Karlsruhe is the second-largest city of the German federal state of Baden-Württemberg after its capital of Stuttgart, its 309,999 inhabitants make it the 21st largest city of Germany. On the right bank of the Rhine, the city lies near the French-German border, between the Mannheim/Ludwigshafen conurbation to the north, the Strasbourg/Kehl conurbation to the south, it is the largest city of a region named after Hohenbaden Castle in the city of Baden-Baden. Karlsruhe is the largest city in the South Franconian dialect area, the only other larger city in that area being Heilbronn; the city is the seat of the Federal Constitutional Court, as well as of the Federal Court of Justice and the Public Prosecutor General of the Federal Court of Justice. Karlsruhe was the capital of the Margraviate of Baden-Durlach, the Margraviate of Baden, the Electorate of Baden, the Grand Duchy of Baden, the Republic of Baden, its most remarkable building is Karlsruhe Palace, built in 1715. There are nine institutions of higher education in the city, most notably the Karlsruhe Institute of Technology.
Karlsruhe/Baden-Baden Airport is the second-busiest airport of Baden-Württemberg after Stuttgart Airport, the 17th-busiest airport of Germany. 2019 the UNESCO announced that Karlsruhe will join her network of "Creative Cities" as "City of Media Arts". Karlsruhe lies to the east of the Rhine, completely on the Upper Rhine Plain, it contains the Turmberg in the east, lies on the borders of the Kraichgau leading to the Northern Black Forest. The Rhine, one of the world's most important shipping routes, forms the western limits of the city, beyond which lie the towns of Maximiliansau and Wörth am Rhein in the German state of Rhineland-Palatinate; the city centre is about 7.5 km from the river. Two tributaries of the Rhine, the Alb and the Pfinz, flow through the city from the Kraichgau to join the Rhine; the city lies at an altitude between 100 and 322 m. Its geographical coordinates are 49°00′N 8°24′E, its course is marked by a stone and painted line in the Stadtgarten. The total area of the city is 173.46 km2, hence it is the 30th largest city in Germany measured by land area.
The longest north-south distance is 19.3 km in the east-west direction. Karlsruhe is part of the urban area of Karlsruhe/Pforzheim, to which certain other towns in the district of Karlsruhe such as Bruchsal, Ettlingen and Rheinstetten, as well as the city of Pforzheim, belong; the city was planned with the palace tower at the center and 32 streets radiating out from it like the spokes of a wheel, or the ribs of a folding fan, so that one nickname for Karlsruhe in German is the "fan city". All of these streets survive to this day; because of this city layout, in metric geometry, Karlsruhe metric refers to a measure of distance that assumes travel is only possible along radial streets and along circular avenues around the centre. The city centre is the oldest part of town and lies south of the palace in the quadrant defined by nine of the radial streets; the central part of the palace runs east-west, with two wings, each at a 45° angle, directed southeast and southwest. The market square lies on the street running south from the palace to Ettlingen.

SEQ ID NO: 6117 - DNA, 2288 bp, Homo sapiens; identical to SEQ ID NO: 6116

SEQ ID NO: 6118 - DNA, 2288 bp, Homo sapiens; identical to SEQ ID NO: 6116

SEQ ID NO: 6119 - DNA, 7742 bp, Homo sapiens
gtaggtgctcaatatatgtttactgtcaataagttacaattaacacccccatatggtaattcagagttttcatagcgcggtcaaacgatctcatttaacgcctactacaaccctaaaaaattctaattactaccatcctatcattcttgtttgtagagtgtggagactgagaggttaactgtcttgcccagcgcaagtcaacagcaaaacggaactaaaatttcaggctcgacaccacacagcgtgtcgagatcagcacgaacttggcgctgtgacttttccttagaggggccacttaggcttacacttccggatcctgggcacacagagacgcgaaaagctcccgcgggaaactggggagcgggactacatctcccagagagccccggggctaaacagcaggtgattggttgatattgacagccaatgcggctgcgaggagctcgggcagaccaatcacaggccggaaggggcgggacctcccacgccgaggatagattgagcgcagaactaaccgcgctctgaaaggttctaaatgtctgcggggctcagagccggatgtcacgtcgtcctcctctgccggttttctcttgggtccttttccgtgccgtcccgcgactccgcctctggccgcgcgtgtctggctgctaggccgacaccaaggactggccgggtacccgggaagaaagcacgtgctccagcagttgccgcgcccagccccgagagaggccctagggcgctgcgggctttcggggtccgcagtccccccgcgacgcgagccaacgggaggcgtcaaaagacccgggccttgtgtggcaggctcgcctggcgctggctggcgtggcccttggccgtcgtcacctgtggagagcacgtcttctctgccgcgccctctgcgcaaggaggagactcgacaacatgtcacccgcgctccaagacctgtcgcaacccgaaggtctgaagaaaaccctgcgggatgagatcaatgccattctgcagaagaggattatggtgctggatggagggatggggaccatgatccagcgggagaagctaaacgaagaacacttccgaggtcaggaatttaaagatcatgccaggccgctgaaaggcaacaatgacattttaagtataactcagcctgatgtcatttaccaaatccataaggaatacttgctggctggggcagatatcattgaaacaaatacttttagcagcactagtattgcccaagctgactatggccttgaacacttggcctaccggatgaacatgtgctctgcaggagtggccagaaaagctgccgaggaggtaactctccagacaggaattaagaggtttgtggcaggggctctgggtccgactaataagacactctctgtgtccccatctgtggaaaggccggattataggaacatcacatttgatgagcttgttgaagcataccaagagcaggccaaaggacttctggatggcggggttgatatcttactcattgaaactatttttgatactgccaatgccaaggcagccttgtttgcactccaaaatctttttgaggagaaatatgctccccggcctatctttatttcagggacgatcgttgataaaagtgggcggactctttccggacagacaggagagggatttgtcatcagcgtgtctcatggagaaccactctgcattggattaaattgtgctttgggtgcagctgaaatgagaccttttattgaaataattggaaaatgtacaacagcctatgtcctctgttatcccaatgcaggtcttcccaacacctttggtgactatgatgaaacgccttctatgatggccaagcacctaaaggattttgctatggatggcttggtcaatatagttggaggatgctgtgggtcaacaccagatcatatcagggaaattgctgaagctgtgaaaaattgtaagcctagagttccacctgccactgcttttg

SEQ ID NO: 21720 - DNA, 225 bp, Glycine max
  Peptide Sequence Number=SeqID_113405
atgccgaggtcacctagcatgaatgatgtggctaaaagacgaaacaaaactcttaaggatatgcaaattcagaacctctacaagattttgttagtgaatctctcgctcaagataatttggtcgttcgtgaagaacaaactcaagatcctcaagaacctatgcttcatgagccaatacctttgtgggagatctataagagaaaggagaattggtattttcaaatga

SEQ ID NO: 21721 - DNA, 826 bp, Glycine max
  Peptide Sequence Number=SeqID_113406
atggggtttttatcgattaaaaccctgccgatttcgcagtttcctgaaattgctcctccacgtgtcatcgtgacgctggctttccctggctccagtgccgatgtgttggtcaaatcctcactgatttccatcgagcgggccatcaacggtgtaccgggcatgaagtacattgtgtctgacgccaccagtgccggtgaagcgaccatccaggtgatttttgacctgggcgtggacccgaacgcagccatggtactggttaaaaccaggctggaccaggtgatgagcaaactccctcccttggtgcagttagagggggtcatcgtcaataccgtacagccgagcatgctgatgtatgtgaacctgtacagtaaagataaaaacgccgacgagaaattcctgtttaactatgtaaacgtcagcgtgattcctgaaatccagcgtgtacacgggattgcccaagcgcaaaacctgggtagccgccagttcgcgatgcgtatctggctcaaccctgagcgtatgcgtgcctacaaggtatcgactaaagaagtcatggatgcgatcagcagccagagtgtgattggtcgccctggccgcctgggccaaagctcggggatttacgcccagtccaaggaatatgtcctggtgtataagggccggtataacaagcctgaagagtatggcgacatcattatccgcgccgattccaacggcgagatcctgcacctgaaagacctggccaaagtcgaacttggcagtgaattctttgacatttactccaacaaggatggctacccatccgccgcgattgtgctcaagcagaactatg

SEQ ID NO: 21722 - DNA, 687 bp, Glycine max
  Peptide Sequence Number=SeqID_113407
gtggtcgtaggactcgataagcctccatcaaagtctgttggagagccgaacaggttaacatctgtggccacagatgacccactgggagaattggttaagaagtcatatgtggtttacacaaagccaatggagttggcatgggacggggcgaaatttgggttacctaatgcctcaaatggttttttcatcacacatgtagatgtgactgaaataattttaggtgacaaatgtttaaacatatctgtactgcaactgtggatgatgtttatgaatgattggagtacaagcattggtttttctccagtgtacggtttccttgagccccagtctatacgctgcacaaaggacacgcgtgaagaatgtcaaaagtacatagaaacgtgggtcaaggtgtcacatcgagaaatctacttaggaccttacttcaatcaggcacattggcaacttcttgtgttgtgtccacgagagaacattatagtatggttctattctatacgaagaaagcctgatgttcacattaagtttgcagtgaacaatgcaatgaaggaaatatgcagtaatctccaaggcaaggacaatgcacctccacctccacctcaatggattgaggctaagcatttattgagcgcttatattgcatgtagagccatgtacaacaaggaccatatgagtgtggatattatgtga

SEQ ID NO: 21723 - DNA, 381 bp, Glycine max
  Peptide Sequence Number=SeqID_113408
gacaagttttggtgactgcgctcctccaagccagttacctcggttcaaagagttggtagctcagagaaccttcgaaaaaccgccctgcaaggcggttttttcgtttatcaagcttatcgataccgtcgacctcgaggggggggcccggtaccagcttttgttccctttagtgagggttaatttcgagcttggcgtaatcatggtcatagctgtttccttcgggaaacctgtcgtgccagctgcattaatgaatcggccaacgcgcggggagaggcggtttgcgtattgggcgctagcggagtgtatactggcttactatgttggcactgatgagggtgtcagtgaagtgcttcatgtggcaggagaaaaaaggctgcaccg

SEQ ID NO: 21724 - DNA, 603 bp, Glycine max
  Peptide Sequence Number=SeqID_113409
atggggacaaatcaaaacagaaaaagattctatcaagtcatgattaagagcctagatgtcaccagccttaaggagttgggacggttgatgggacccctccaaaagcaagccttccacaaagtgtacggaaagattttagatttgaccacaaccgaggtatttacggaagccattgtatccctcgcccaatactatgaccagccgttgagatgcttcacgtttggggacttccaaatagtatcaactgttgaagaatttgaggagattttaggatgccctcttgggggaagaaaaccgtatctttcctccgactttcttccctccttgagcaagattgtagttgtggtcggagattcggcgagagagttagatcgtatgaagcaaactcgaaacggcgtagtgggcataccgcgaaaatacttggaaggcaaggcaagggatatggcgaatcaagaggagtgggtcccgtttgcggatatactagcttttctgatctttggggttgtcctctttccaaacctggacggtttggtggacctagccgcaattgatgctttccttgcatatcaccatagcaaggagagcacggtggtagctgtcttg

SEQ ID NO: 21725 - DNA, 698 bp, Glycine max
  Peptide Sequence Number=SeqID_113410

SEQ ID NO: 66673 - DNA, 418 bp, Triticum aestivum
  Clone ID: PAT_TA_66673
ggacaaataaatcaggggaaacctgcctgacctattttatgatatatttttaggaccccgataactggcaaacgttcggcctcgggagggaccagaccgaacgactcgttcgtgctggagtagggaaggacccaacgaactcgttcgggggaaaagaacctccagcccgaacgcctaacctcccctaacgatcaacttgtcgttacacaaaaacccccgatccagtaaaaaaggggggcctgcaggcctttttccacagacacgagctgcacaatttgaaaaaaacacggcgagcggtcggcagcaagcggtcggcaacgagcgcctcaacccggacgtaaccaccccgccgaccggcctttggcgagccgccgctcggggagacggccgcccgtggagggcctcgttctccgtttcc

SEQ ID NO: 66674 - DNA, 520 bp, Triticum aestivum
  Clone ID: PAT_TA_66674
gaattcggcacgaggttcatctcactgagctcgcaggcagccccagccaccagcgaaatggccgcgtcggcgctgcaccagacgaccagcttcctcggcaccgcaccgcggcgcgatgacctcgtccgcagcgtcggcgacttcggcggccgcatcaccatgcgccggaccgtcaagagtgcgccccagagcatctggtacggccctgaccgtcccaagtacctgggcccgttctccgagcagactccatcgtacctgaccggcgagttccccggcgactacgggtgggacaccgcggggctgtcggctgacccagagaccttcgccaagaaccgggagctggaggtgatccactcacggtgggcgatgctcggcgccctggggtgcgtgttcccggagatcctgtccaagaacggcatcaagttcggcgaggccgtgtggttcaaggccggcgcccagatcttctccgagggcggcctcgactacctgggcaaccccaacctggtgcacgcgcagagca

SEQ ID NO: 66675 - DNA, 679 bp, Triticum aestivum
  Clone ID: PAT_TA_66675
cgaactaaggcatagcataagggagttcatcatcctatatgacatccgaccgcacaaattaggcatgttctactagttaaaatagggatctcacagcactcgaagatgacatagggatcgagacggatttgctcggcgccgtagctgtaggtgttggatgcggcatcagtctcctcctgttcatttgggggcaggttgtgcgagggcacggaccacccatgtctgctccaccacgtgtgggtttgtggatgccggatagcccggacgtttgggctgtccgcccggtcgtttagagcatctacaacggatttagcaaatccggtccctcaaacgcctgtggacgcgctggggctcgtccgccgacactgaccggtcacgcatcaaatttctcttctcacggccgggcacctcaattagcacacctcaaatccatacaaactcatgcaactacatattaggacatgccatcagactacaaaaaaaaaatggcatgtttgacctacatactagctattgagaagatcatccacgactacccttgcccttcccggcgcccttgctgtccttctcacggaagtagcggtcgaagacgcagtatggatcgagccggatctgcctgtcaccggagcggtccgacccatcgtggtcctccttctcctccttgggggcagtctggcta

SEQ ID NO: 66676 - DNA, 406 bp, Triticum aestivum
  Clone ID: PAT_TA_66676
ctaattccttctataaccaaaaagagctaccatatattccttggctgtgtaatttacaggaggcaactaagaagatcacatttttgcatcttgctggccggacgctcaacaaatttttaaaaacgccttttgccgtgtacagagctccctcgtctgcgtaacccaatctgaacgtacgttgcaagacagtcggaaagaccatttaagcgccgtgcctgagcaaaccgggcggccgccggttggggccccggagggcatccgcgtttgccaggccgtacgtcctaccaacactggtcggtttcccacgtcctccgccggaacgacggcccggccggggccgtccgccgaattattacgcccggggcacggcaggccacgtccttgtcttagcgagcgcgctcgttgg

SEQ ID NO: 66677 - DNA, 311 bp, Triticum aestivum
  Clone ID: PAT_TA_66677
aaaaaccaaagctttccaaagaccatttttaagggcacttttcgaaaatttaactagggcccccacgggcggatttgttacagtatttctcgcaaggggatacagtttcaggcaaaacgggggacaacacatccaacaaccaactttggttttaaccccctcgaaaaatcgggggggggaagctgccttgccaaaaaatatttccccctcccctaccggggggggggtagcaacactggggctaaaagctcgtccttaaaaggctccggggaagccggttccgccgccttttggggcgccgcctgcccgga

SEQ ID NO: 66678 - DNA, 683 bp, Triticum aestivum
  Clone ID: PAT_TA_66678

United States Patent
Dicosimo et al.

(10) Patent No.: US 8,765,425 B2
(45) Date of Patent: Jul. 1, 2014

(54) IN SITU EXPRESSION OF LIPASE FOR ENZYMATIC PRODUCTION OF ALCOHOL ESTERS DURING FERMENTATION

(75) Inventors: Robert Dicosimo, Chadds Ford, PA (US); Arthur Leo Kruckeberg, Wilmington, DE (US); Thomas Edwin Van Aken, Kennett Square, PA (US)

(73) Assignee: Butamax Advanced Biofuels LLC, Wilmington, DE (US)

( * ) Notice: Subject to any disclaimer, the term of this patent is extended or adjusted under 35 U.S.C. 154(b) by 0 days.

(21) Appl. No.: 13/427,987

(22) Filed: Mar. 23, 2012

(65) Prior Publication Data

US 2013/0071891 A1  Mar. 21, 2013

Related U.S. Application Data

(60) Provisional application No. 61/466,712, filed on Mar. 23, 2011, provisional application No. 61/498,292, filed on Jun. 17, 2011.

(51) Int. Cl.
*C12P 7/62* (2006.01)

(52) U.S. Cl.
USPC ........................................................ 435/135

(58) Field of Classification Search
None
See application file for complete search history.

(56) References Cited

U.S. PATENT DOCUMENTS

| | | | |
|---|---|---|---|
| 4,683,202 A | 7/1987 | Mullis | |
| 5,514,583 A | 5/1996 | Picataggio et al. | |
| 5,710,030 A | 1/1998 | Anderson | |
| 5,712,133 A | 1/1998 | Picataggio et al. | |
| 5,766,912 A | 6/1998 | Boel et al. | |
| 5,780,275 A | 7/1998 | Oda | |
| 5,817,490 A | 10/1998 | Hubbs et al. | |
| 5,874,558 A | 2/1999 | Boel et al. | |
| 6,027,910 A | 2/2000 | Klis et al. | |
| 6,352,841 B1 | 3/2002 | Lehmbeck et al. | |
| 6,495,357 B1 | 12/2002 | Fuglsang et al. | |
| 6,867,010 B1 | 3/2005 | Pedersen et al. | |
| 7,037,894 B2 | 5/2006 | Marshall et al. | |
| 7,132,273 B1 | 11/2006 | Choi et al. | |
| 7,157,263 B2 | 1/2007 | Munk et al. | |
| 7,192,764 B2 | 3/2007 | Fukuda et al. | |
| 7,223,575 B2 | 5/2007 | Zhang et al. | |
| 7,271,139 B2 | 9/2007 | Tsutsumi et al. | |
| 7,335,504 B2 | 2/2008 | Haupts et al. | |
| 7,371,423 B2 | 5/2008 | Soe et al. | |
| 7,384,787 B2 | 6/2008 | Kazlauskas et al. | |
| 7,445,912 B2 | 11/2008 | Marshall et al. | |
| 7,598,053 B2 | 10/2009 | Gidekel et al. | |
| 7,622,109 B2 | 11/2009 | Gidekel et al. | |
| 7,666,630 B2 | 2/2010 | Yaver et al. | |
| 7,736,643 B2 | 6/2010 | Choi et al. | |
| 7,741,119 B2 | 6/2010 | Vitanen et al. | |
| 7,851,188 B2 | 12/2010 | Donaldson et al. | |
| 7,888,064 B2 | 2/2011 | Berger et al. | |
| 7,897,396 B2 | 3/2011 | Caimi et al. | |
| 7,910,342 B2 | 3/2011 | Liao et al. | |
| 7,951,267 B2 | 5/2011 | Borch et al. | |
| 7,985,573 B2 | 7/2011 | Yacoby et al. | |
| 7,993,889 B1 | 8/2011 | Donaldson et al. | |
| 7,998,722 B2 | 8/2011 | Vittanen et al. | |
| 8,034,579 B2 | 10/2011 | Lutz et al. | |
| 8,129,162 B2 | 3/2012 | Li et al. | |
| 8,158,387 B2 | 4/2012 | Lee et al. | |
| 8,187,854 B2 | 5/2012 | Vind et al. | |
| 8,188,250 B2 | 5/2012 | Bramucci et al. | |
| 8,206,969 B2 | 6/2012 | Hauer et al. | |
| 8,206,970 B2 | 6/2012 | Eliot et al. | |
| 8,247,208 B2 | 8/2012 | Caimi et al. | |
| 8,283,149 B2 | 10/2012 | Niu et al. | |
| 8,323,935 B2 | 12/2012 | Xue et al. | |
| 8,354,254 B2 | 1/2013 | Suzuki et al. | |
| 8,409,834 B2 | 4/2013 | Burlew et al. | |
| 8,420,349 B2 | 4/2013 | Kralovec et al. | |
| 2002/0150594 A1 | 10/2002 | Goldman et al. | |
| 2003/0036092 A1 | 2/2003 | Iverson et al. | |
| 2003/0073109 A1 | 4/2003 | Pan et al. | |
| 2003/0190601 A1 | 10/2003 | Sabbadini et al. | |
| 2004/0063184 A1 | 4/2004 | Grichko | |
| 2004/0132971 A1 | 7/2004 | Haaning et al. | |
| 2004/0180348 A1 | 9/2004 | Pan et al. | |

The market square has the town hall to the west, the main Lutheran church to the east, the tomb of Margrave Charles III William in a pyramid in the buildings, resulting in Karlsruhe being one of only three large cities in Germany where buildings are laid out in the neoclassical style. The area north of the palace is a forest; the area to the east of the palace consisted of gardens and forests, some of which remain, but the Karlsruhe Institute of Technology, Wildparkstadion football stadium, residential areas have been built there. The area west of the palace is now residential. Karlsruhe experiences an oceanic climate and its winter climate is milder, compared to most other German cities, except for the Rhine-Ruhr area. Summers are hotter than elsewhere in the country and it is one of the sunniest cities in Germany, like the Rhine-Palatinate area. Precipitation is evenly spread throughout the year. In 2008, the weather station in Karlsruhe, operating since 1876, was closed. According to legend, the name Karlsruhe, which translates as "Charles’ repose" or "Charles' peace", was given to the new city after a hunting trip when Margrave Charles III William of Baden-Durlach woke from a dream in which he dreamt of founding his new city.